Happy Mother’s Day! What a lovely day this promises to be, though we really could use the rain.
I was fortunate enough to have spent time yesterday in Steamboat Rock with my family—my mom’s side—my aunts and uncles, cousins, my grandmother, my parents who came down from Wisconsin, and my middle child, who is my first daughter and mother to two of my grandsons. All told, we had FIVE generations present, and I feel grateful that my grandsons have gotten to spend time with their great-great grandmother. I feel thankful to God for the time spent with my family.
On my drive home, my thoughts ranged from my family (and friends) to this week’s lessons, upon which I’ve been meditating all week, especially the Gospel and the reading from 1 John. As you may or may not have figured out about me as I’ve been preaching among you for the last few months is that one of my passions is looking for the spiritual in pop culture and literature sources. And so, being my parents’ child and a product of my time, lyrics from a Beatles’ song popped into my head after reading the Gospel, which uses the word “love,” a total of nine times and contains Christ’s greatest commandment to his disciples, and through them, to us, part of which is to “abide in my love.”
Now the Beatles’ song that popped into my head is not the one that you might think is the obvious choice: “All You Need is Love,” though a line from that song has been in my head for other reasons that I won’t go into today. No, the lyrics I’ve been playing, both in my head and on my car’s CD player, are from “Across the Universe” and they go like this: “Limitless undying love / which shines around me like a million suns/ and draws me on and on / across the universe.” As this song was written while they were in their Maharishi phase, John Lennon, who wrote the lyrics, quite possibly was not thinking in Christian terms. But he captured, for me, a large part of the essence of the words Christ uses: “abide in my love” and “love each other as I have loved you.”
And so this week, I’ve been amazed by the intensity of this love and how many ways in which it manifests itself—echoing over and over. When I first listened to this song a couple of months ago on my trip to Texas–I actually hadn’t been really familiar with it prior to then other than knowing it was a Beatles song; the cover of it I’ve been listening to is by Rufus Wainwright, who has a marvelous voice. But I digress. When I listened to these lyrics, I thought in terms of that all-encompassing love from God, but a higher, abstract love—an epic love, if you will. However, over the last months, including yesterday, I considered all the more concrete, down-to-earth examples I’ve seen recently: a friend who is busy, stressed, angry, and tired from the situation in his department and on campus at the university where he works and from an intense job search, yet willing to answer texts sent at inopportune moments and to “scheme” (his word) in order to help me see a way along the next stage of my path; parents who show their love and support, even offering to come up and help me go through all my stuff—a daunting task; children who take the time to worry about and support their siblings; cousins and parents who drive five hours ONE way just to spend a few hours with family. I hope and pray that you are all finding examples of this in your own lives as I’m speaking. THIS is limitless undying love shining around each of us, in so many little ways; that in which God, through Christ, is calling for us to abide. In one of this week’s meditations in the Forward Day-by-Day, the author noted that the word “abide” (a word we don’t use much any longer) is not quite the the best translation of the original Greek word, which apparently conveys a sense of intertwining, of intimate connection.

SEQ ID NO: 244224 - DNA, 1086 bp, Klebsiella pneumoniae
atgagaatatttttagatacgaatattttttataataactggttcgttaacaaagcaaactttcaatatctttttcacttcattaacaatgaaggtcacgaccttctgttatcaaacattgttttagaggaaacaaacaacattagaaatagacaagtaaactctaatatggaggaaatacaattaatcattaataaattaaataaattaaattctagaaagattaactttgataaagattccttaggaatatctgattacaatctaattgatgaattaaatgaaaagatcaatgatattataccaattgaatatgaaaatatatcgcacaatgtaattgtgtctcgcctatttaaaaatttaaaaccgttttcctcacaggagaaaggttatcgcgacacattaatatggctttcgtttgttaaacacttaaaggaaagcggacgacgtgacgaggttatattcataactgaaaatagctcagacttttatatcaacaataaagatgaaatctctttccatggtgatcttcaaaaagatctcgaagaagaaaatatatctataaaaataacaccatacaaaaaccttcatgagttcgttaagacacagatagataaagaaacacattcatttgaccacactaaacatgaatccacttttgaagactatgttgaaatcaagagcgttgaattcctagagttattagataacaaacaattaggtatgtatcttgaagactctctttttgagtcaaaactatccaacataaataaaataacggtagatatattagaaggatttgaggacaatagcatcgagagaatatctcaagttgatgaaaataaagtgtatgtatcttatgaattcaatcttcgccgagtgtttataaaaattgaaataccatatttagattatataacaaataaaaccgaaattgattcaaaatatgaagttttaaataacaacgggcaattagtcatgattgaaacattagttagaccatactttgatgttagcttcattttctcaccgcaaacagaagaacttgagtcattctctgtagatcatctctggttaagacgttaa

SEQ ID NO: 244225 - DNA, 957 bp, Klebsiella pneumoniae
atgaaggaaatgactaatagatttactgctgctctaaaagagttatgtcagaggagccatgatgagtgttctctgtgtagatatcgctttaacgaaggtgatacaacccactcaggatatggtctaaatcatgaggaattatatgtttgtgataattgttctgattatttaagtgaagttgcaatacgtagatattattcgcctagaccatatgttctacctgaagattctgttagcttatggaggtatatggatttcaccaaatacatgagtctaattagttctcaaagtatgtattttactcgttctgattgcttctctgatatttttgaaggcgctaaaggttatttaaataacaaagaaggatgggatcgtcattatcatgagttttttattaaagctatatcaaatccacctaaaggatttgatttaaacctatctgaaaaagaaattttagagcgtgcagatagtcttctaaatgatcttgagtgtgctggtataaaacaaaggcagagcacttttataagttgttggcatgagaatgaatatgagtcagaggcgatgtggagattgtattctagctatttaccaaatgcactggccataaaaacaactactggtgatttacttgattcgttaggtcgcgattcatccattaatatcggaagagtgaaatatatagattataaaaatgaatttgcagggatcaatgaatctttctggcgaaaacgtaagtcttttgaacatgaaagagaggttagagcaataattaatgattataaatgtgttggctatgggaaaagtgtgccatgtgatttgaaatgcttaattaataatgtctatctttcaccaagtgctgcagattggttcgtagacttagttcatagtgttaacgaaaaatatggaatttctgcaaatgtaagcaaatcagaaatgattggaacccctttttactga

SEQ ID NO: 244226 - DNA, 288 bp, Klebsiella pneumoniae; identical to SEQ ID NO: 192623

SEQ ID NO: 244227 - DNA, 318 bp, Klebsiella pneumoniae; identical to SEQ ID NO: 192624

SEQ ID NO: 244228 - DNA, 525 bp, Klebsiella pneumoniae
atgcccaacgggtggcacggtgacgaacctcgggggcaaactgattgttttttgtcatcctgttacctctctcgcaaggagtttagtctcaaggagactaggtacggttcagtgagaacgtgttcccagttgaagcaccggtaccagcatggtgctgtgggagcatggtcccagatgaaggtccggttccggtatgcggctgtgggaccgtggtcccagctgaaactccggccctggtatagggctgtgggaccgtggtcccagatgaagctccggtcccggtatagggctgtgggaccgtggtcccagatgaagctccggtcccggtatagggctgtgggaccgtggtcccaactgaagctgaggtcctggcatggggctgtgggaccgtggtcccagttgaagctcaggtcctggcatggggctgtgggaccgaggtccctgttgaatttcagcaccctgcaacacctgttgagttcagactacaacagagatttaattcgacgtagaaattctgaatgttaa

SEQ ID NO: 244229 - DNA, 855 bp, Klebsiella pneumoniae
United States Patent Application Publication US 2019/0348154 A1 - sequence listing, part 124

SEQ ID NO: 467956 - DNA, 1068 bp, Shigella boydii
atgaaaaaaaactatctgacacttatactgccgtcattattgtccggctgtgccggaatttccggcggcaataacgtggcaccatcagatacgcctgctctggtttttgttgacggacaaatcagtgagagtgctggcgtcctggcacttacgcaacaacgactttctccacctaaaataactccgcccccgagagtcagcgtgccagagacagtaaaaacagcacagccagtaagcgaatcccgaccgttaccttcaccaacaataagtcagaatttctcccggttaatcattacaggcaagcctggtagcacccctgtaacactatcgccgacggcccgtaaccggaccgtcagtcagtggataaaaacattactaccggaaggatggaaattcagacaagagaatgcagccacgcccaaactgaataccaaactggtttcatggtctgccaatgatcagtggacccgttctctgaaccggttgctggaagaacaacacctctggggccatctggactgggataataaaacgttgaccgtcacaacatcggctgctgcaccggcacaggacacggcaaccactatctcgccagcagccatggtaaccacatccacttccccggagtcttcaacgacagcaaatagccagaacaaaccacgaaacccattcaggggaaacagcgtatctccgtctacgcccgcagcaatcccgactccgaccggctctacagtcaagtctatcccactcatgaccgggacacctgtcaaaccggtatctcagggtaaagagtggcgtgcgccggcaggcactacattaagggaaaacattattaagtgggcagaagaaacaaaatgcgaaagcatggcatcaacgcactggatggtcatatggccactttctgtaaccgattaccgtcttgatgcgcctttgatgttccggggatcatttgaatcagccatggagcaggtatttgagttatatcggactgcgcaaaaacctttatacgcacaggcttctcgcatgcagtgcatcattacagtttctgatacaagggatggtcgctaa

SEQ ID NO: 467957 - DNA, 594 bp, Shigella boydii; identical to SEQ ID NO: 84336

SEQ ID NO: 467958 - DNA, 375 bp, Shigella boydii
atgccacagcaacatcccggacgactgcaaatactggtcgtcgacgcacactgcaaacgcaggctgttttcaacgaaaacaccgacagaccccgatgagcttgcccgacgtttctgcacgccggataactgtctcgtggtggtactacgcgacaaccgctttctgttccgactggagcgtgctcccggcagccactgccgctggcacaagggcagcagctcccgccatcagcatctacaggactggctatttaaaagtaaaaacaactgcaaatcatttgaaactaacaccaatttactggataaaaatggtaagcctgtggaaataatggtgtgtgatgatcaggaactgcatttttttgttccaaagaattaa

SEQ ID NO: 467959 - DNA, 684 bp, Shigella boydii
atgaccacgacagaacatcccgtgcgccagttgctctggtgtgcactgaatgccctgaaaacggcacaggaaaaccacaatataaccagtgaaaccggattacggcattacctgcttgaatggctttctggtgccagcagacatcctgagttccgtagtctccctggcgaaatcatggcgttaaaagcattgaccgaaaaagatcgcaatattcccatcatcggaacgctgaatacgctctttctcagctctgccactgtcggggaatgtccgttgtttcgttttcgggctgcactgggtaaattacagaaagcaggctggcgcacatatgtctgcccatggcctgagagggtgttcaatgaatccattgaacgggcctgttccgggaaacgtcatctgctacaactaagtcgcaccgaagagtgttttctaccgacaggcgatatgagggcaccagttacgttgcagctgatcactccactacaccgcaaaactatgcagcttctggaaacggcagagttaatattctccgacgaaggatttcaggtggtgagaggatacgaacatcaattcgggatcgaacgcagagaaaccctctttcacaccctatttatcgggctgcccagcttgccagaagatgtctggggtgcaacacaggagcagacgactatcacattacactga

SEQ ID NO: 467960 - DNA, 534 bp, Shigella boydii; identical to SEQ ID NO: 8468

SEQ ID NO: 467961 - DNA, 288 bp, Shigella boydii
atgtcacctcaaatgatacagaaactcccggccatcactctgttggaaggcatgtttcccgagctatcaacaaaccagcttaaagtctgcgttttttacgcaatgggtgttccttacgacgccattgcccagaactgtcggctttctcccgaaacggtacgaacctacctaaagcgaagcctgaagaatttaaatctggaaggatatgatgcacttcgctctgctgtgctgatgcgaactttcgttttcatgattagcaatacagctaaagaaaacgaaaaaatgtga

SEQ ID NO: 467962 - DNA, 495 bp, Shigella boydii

I don’t know if anyone here is familiar with Julian of Norwich, whose feast day was this past Tuesday (and I’m sure I’m not the only one referencing her in a sermon today). She was a fourteenth-century mystic and anchoress, who was possibly the first woman who wrote a book in the English language—I love her. I think she got it right in many ways when she expanded on others’ ideas of Christ being as a mother to us. I’m still working on understanding her writings, but I believe that she could see, using our limited language and ways of seeing, that the metaphor of motherhood made for an excellent, easily understood way of sharing her vision of our relationship with Christ, with God—that limitless, intimate connection that we share with our mothers. Julian was a wise woman—I would highly recommend reading her work.
As we consider today’s Gospel and Christ’s command to love one another, as he has raised us to be friends, brothers, sisters to himself and to each other, as we go forth, let us remember this joy. This faith in God’s love, that he is father and mother to us all, is that which helps us to conquer the world, not in terms of violence, not in epic ways, but by conquering our own little and big fears with that knowledge of God’s love, shown in so many aspects through those who love us. Then we can carry that love forward to others, whether biologically related to us or not; this is what draws us on and on—across the universe. Amen.
Given at St. James Episcopal Church, Independence, Iowa
Readings from the Revised Common Lectionary: